However most people in the urban wasteland sip their lattes with nary a thought glanced that way. Oblivious to the gathering storm.

    And our children? Well, they might only be able to aspire to becoming wage slaves in coffee houses. More likely they'll be drug runners and prostitutes. Or, human slaves if this trend really gathers steam before it implodes.

    This is happening in other areas of the globe that have been stripped of their resources and rendered dependent on the whims of the lawyered-up Corporate Thug class. One obvious example is Russia, but there are many other regions where people are struggling to dig themselves out of the gutter that was left of their country or region after being raped and pillaged of their resources by corporate or government sharks.

    God, how I pray we are near the end of the pendulum swing. I am so ready for a revolution. Shakespeare had it right all those centuries ago.

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  2. I remember as a kid growing up in the sixties going with my parents and my brother to visit my grandparents in Port Alberni for christmas.Everyone either worked in the mills,in the bush,or on the fishboats,and that supported a good many of the small businesses in that town.I also lived there as a young guy for a short time in the early eighties.Even then I noticed the decline.Empty storefronts downtown as MacBlo laid off workers so they could "modernize" their operations.Now, I realize that company towns like Port and Powell River take a hit when demand for lumber and pulp and paper are down but even then I saw the big forest giants exporting more and more raw logs,and good paying union jobs,to countries like Japan.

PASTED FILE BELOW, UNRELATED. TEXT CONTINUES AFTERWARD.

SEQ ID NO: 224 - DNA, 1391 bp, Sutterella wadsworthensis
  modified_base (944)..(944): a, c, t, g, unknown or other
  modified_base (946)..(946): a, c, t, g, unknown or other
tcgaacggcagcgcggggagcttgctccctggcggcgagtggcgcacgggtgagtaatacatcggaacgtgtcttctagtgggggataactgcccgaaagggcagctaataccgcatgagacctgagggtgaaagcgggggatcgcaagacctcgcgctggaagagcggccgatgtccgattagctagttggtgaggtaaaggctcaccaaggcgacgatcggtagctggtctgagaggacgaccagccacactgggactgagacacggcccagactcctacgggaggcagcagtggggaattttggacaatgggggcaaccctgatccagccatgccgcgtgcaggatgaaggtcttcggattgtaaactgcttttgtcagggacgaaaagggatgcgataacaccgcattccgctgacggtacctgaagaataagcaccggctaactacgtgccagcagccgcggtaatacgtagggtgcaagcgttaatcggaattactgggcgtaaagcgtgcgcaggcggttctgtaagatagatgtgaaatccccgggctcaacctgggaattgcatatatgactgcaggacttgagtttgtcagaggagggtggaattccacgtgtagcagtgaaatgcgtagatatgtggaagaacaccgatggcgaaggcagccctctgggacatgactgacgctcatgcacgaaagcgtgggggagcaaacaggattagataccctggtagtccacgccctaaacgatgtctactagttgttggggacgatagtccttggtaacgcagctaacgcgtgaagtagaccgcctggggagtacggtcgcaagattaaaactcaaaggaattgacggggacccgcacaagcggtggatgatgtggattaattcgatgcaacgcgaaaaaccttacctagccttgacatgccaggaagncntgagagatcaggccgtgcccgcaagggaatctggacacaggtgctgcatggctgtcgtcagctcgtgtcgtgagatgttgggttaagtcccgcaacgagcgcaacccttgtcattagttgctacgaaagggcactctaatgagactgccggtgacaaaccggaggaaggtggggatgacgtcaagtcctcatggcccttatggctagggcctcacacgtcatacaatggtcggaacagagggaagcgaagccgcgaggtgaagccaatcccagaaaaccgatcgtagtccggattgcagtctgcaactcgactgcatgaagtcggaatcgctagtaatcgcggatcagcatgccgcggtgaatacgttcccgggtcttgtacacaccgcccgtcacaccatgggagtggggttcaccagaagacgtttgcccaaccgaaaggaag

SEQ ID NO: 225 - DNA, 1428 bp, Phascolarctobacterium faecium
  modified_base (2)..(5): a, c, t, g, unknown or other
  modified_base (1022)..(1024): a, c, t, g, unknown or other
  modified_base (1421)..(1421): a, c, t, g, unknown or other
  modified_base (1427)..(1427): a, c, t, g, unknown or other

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  3. The statistics I've found indicate that the previous greatest inequity of this sort in the US was at the start of the last Depression, but current numbers are even worse. FDR, a scion of the elite himself, but either with a conscience or just married to a woman with one, implemented the new deal to forestall revolution and fight socialism/communism, which hadn't been relegated to the category of "bad words," and seemed an attractive alternative to great swathes of the population.

    Today, thanks to decades of military spending and propaganda, helped by some autocratic despots like Pol Pot and Stalin, and continued demonizing even of less tyrannical socialist/communist governments, socialism isn't an option leaving only armed insurrection if democratic process can't restore balance.

    Of course this is the reason Governor Walker in Wisconsin cut slack for the police while attacking most other public sector employees. Likewise an awareness of this trend, and a desire to continue it, I believe motivated Herr Harper to mount his One Billion dollar exercise in crowd control last summer in Toronto.

    This is one of the clearest explanations of what's going on that I have seen Norm, and should be on the front page of the Vancouver Sun. Or perhaps it could be the cover story in Macleans, if Macleans hadn't replaced all of the Byfeld (sp?) Reporter publications in its attempt to make the Economist appear to be an I.W.W. newsletter.

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  4. Norm,
    Could you post links to the story and the graphs.
    Thanks

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  5. Thank you Norman.

    Many thanks, as always.

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  6. This has been a problem for many years but just lately it has seemed that people have been going elsewhere for work, which does not help BC's economy at all. Raising wages or having a more accessible work place would not only benefit the company but also BC as a whole.